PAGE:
When we went into the police station, one of the policemen searched us, violently, and swore at us as he was doing it. He told us to spread our legs like a ruler and used very foul expressions like “asshole”, “motherfucker”, and “I’ll fuck you”. Then they took us back up to the top floor for questioning. I was the second one to be questioned. It took about half an hour or an hour. After they finished, they fingerprinted us and took our pictures. They told me to confess and that then they’d take me home, and that my friends had testified against me.

Manar, 32, is the mother of one the boys. She has lived in Batan al-Hawa since 1991 and works at the women’s center in Silwan. On 29 November 2016 she recounted that evening’s events to B’Tselem field researcher Hussam ‘Abed:

At 5:00 P.M., I started to get worried about my son, because he hadn’t come home, and the police didn’t tell us they’d arrested him. I called my son’s teacher, and he told me the police had taken him together with other boys. My husband and I went to the police station on Salah a-Din Street to ask about my son, but instead of helping us, they started swearing at us. After we argued with them, they told us they were holding him for questioning on stone-throwing charges. It was late, 8:00 or 9:00 P.M., and it was very cold outside. In this cold weather, the officers kept the kids, as a sort of punishment. Later, my son told me that policemen had sworn at them using foul language, assaulted them for no reason; opened the kids’ bags and tossed their contents on the floor, and ordered the boys to pick everything up. At 9:30 P.M. ¬- after much suffering, and a long wait out in the cold, by the police station, with the officers constantly swearing at us - the police asked that the parents sign guarantees, and they released the kids, allowing them to go home.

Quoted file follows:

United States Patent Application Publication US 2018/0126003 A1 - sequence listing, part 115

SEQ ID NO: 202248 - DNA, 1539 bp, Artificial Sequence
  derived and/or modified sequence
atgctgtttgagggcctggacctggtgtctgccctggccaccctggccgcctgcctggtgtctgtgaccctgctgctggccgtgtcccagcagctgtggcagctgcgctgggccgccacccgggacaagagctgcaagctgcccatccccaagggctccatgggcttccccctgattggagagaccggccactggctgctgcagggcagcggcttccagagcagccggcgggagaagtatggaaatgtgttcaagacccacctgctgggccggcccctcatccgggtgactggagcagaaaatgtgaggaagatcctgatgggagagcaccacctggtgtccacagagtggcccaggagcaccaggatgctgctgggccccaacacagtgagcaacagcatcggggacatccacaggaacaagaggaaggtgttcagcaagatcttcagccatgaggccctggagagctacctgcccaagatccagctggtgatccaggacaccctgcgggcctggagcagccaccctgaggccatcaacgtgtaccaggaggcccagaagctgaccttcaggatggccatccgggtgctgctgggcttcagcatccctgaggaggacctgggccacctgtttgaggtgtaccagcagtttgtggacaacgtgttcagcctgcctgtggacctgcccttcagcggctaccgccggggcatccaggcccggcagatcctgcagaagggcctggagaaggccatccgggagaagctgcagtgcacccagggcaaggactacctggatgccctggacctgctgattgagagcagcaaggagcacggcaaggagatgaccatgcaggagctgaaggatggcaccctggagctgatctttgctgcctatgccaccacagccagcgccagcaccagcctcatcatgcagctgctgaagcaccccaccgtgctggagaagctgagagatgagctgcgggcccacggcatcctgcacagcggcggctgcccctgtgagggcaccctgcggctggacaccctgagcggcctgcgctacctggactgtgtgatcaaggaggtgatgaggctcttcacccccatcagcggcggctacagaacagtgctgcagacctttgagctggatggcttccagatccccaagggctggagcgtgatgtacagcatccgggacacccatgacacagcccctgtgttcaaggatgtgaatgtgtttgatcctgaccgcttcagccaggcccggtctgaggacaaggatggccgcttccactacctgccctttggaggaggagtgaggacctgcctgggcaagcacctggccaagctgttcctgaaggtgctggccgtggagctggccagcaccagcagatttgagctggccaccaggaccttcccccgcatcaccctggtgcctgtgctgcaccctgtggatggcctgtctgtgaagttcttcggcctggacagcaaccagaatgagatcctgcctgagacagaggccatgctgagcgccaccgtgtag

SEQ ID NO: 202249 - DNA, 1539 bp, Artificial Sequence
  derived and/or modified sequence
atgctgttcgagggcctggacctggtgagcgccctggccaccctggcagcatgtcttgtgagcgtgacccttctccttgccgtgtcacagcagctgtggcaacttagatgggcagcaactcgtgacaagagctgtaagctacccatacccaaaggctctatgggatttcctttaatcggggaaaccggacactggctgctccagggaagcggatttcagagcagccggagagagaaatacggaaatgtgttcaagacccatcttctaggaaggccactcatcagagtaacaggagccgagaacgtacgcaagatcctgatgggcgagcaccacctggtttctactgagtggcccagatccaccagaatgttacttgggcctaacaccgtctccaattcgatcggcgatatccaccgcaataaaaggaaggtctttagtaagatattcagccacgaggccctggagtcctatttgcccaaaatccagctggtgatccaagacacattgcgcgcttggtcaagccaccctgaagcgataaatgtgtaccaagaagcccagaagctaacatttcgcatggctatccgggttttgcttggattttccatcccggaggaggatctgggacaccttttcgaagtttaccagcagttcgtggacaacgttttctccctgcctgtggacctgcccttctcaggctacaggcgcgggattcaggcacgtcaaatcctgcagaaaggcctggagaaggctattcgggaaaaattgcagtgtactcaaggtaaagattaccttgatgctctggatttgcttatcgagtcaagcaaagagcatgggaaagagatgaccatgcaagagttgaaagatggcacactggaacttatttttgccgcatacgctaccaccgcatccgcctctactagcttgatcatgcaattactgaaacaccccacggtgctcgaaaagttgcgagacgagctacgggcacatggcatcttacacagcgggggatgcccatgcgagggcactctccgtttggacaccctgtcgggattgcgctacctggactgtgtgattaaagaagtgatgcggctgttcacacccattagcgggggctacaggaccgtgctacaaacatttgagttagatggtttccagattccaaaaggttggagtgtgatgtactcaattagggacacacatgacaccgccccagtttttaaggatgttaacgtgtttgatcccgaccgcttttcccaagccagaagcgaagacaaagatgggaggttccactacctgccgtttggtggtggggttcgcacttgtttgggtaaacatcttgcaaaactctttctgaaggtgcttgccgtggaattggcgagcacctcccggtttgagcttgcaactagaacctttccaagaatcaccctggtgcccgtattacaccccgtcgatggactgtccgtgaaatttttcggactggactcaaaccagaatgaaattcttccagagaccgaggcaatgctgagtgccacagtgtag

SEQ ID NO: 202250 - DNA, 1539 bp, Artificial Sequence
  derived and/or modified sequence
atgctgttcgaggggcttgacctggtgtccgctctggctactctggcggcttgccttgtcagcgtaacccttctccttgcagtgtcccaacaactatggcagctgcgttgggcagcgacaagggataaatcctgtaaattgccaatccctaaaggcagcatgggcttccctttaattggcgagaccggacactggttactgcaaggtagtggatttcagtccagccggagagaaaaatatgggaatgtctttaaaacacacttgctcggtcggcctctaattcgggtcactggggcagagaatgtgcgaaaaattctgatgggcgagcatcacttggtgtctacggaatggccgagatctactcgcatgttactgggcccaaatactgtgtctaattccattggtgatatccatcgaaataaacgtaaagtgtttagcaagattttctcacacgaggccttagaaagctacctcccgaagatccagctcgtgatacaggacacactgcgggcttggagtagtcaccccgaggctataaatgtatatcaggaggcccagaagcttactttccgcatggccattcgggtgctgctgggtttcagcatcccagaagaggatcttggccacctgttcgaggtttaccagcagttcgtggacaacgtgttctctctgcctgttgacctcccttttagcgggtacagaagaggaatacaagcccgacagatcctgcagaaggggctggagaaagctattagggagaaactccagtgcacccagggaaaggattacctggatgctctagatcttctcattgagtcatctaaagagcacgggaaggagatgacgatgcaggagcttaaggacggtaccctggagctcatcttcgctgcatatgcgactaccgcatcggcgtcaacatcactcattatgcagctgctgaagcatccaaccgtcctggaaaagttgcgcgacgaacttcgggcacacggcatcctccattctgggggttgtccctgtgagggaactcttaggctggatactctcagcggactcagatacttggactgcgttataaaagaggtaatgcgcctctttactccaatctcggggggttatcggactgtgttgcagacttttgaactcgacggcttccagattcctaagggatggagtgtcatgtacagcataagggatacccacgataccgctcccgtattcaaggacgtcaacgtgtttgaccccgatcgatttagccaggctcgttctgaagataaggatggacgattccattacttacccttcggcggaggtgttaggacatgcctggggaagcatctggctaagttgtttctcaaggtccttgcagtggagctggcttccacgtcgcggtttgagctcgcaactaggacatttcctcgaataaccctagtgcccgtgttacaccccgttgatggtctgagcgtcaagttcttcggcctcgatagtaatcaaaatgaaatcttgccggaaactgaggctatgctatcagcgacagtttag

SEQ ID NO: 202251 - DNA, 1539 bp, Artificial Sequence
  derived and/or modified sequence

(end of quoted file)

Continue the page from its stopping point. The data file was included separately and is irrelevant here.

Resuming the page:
Imagine a kid being taken into custody without his parents’ knowledge, being searched, beaten, insulated, humiliated, kept on a cold balcony, all because he’s suspected of throwing stones.